Capital Consortium for Neuroscience: Ethical, Legal and Social Issues

Friday, November 19, 2010
4:00- 6PM

Neuropragmatism - A Practical Approach to Neuroethical Problems

Neuropragmatism updates the philosophy of pragmatism with the latest insights from the cognitive sciences and neuroscience. Since pragmatism originated together with experimental and brain psychology, pragmatism has always been in closest harmony with science's understanding of brain functioning. Like classical pragmatism, neuropragmatism enjoys re-confirmations of its anti-Cartesianism and biological functionalism; its integration of reason, emotion, and will; its theory of agent responsibility without excessive rationalism or mysterious free will; its understanding of knowledge as the result of practical interaction with the environment; and its emphasis on distributed and social epistemology. Neuropragmatism advances its agenda by eliminating philosophical notions proven incompatible with the behavioral and brain sciences, and by reforming theories of human intelligence and social relationships accordingly. Neuropragmatism can continue to be the reforming edge of philosophical thought by taking evolutionary naturalism most seriously..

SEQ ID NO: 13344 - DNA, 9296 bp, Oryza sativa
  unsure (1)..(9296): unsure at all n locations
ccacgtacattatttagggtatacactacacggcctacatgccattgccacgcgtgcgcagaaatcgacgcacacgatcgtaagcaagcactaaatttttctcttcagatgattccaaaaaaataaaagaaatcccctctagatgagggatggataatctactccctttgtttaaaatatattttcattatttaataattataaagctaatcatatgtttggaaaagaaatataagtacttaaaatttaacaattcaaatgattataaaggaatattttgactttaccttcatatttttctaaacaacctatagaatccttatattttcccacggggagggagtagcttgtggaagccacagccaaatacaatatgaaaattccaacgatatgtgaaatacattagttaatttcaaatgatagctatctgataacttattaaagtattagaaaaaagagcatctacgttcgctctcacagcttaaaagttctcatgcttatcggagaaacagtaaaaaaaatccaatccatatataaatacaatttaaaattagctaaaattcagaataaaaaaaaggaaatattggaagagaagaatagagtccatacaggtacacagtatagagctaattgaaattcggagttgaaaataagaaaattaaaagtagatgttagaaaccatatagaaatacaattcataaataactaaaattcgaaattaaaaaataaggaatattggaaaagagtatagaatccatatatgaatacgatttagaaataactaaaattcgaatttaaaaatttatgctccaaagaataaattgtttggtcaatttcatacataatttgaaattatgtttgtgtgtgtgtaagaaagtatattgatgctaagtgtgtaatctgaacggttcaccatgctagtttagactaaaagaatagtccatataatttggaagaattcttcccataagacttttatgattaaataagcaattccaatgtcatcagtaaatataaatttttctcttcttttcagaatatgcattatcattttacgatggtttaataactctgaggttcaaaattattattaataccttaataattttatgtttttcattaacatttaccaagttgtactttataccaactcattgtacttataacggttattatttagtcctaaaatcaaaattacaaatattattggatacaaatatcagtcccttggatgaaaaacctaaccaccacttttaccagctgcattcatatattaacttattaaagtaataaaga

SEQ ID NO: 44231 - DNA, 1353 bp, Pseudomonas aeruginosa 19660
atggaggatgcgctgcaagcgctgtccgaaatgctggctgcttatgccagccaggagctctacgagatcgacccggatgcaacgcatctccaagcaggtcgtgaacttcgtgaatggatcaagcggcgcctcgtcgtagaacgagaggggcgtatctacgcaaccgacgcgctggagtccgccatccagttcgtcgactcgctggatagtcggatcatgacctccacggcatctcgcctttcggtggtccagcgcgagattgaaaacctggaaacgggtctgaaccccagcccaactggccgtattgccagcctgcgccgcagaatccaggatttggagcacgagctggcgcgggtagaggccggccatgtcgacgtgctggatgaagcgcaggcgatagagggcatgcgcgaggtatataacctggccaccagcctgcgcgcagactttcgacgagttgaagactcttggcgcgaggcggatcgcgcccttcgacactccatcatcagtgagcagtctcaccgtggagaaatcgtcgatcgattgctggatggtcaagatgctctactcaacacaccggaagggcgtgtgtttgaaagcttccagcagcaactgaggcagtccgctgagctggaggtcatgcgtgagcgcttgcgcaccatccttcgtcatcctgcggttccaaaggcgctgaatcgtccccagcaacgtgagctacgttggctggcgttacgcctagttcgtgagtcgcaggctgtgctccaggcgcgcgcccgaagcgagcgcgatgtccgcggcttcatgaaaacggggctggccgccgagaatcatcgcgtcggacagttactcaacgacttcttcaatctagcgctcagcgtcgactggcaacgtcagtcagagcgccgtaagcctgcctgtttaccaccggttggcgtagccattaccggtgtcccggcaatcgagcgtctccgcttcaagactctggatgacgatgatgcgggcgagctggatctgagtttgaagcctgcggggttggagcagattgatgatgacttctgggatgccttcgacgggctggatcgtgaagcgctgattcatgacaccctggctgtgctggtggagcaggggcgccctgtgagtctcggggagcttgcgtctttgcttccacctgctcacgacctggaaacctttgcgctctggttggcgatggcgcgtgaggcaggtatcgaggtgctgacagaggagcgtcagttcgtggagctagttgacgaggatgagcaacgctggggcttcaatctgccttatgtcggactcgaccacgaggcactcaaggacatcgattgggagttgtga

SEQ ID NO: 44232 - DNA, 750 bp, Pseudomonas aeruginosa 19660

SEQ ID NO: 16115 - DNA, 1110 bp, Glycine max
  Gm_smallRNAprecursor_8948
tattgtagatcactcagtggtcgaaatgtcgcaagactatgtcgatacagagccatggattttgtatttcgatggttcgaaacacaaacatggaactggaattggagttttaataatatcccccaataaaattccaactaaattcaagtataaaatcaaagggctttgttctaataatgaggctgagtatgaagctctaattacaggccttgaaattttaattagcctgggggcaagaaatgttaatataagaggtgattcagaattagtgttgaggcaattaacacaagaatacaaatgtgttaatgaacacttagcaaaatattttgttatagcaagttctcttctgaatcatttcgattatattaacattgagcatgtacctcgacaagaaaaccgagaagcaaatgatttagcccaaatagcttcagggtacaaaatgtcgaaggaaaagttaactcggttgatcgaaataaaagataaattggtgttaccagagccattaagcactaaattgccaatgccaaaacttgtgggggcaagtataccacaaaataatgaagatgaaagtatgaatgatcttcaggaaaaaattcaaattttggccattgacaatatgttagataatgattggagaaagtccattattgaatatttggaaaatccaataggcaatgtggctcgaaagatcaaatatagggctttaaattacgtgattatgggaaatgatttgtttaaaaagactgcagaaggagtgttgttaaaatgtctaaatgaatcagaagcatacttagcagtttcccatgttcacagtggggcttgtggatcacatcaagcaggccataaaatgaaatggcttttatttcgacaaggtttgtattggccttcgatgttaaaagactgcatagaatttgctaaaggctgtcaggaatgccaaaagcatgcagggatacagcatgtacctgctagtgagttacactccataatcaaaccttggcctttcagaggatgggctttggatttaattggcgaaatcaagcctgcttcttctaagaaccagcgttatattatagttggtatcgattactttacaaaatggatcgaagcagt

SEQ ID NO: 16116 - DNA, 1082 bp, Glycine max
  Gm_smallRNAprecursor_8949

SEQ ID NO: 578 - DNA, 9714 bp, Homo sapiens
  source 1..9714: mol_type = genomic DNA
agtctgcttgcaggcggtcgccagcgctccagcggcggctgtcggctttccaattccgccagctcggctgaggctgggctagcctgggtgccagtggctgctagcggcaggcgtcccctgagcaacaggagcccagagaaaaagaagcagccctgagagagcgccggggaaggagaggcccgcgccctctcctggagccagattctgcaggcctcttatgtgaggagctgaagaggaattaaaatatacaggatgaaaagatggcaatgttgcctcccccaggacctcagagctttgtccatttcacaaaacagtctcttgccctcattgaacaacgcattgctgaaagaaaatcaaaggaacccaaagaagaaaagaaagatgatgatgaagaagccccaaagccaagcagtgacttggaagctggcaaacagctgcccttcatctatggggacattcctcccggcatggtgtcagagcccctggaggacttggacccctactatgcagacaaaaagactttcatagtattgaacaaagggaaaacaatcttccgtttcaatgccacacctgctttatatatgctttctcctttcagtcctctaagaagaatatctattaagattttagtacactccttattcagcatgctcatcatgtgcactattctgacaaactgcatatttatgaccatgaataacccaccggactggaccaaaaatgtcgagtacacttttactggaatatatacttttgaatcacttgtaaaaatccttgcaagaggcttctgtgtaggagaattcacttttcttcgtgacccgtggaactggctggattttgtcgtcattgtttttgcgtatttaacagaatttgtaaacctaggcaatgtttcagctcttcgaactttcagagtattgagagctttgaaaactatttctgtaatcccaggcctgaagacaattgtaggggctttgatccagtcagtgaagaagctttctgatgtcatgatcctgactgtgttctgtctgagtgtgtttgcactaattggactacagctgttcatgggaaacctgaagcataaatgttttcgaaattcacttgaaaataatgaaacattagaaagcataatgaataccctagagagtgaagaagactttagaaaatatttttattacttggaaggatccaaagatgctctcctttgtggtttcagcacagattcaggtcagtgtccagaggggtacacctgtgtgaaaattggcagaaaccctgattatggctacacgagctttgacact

Speaker Information

John Shook, Ph.D.

John Shook, PhD, is a scholar and professor living in Washington, D.C. He is Director of Education and Senior Research Fellow of the Center for Inquiry, and also is Visiting Assistant Professor of Science Education at the University at Buffalo, teaching for its online program in Science and the Public. From 2000 to 2006 he was a professor of philosophy at Oklahoma State University. Shook publishes on philosophical topics about science, naturalism, pragmatism, philosophy of mind, ethics, democracy, humanism, and religion. He has authored and edited more than a dozen books, including Pragmatic Naturalism and Realism (2003), A Companion to Pragmatism (2005), Dictionary of Modern American Philosophers (2005), Ectogenesis: Artificial Womb Technology and the Future of Human Reproduction (2006), The Future of Naturalism (2009), and The God Debates (2010).


For additional information, tentative schedule, media access, or to register, please contact Guillermo Palchik at